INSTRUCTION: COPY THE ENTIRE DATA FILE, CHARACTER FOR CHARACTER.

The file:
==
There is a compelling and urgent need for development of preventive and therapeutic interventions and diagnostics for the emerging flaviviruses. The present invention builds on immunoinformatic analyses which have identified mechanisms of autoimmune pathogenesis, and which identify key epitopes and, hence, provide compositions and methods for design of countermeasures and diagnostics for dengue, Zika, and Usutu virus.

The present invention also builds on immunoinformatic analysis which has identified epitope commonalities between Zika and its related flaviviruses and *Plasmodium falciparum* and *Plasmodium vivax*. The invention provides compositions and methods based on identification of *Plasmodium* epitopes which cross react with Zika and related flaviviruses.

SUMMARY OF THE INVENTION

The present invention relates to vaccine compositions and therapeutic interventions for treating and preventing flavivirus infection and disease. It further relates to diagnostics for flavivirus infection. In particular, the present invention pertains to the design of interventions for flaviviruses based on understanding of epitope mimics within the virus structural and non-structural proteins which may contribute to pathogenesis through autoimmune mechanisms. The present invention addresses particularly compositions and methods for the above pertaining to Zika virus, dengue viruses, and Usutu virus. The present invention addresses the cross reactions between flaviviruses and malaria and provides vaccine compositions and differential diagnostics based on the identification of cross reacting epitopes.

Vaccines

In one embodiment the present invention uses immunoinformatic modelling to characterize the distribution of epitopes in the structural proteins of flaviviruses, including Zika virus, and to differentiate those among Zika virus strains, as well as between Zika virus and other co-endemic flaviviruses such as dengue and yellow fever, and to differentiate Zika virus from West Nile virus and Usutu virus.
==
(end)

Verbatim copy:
There is a compelling and urgent need for development of preventive and therapeutic interventions and diagnostics for the emerging flaviviruses. The present invention builds on immunoinformatic analyses which have identified mechanisms of autoimmune pathogenesis, and which identify key epitopes and, hence, provide compositions and methods for design of countermeasures and diagnostics for dengue, Zika, and Usutu virus.

The present invention also builds on immunoinformatic analysis which has identified epitope commonalities between Zika and its related flaviviruses and *Plasmodium falciparum* and *Plasmodium vivax*. The invention provides compositions and methods based on identification of *Plasmodium* epitopes which cross react with Zika and related flaviviruses.

SUMMARY OF THE INVENTION

The present invention relates to vaccine compositions and therapeutic interventions for treating and preventing flavivirus infection and disease. It further relates to diagnostics for flavivirus infection. In particular, the present invention pertains to the design of interventions for flaviviruses based on understanding of epitope mimics within the virus structural and non-structural proteins which may contribute to pathogenesis through autoimmune mechanisms. The present invention addresses particularly compositions and methods for the above pertaining to Zika virus, dengue viruses, and Usutu virus. The present invention addresses the cross reactions between flaviviruses and malaria and provides vaccine compositions and differential diagnostics based on the identification of cross reacting epitopes.

Vaccines

In one embodiment the present invention uses immunoinformatic modelling to characterize the distribution of epitopes in the structural proteins of flaviviruses, including Zika virus, and to differentiate those among Zika virus strains, as well as between Zika virus and other co-endemic flaviviruses such as dengue and yellow fever, and to differentiate Zika virus from West Nile virus and Usutu virus.